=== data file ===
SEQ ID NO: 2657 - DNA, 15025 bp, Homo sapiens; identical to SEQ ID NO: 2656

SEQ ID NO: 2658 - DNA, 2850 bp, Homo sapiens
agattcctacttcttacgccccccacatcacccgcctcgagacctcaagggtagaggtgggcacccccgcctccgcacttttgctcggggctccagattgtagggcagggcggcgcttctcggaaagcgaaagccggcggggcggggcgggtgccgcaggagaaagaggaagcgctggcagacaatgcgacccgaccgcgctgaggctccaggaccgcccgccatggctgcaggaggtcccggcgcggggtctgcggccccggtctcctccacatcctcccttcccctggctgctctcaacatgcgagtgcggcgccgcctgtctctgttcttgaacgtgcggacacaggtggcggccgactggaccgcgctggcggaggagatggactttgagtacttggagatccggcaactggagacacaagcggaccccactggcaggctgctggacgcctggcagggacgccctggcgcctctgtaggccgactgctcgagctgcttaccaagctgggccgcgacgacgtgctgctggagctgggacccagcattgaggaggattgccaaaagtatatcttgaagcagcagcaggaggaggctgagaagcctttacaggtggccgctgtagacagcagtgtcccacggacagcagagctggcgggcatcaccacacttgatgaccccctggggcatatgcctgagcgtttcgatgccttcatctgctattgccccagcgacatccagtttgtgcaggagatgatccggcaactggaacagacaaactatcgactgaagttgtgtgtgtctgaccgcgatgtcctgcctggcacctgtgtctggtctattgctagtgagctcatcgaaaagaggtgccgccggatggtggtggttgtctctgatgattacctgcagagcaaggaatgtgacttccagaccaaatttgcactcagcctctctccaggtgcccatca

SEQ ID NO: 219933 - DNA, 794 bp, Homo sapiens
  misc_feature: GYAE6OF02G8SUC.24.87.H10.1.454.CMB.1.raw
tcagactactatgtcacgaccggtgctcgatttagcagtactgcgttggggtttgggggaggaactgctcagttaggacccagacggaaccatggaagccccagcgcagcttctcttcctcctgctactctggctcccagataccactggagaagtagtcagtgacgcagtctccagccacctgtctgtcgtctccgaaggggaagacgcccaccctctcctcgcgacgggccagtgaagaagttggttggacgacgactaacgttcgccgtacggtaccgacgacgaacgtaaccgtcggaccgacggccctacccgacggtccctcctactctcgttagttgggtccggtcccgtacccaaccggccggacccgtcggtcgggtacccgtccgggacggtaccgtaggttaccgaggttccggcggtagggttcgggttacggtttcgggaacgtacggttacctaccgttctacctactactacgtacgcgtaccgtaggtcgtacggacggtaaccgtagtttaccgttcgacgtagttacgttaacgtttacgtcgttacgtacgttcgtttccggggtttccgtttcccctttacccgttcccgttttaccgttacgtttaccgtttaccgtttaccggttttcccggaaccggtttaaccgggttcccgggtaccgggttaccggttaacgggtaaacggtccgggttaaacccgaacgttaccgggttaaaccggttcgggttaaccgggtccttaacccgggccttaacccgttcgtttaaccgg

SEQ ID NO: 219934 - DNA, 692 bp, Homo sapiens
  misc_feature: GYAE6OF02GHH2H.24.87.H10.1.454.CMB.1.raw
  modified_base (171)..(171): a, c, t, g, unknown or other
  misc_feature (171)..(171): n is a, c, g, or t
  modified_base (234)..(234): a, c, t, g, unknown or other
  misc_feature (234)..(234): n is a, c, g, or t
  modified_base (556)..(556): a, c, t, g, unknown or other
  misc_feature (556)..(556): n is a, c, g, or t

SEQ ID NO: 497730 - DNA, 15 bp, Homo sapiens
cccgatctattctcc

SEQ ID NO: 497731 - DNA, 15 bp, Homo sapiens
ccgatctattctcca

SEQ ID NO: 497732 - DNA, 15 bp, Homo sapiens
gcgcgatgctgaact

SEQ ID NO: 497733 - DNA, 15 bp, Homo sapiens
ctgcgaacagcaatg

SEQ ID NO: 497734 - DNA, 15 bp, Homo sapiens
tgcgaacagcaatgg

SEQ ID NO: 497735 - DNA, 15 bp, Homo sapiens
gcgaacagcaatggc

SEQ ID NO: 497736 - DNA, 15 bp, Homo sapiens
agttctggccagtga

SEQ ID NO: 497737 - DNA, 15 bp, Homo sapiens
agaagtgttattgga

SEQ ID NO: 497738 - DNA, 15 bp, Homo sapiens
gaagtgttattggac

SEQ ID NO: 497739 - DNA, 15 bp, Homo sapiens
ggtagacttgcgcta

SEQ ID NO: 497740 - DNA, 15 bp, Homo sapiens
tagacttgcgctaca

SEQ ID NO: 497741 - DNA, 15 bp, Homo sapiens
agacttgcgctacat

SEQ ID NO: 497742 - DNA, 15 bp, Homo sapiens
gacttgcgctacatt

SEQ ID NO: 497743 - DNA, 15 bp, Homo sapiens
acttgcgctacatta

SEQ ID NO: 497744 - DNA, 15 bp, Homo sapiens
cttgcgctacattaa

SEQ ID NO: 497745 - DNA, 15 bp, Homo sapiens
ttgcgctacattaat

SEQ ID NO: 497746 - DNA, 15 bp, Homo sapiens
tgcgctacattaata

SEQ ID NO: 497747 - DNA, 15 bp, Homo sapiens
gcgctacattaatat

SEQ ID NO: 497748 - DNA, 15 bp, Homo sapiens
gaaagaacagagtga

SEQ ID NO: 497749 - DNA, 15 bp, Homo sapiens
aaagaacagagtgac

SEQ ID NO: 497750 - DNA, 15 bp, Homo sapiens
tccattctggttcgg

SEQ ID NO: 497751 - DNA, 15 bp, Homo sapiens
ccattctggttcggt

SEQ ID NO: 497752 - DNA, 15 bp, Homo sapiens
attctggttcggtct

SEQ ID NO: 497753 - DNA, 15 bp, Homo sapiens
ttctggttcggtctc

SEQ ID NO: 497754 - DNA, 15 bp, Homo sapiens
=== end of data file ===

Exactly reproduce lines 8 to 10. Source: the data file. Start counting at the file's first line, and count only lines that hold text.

  misc_feature: GYAE6OF02GHH2H.24.87.H10.1.454.CMB.1.raw
  modified_base (171)..(171): a, c, t, g, unknown or other
  misc_feature (171)..(171): n is a, c, g, or t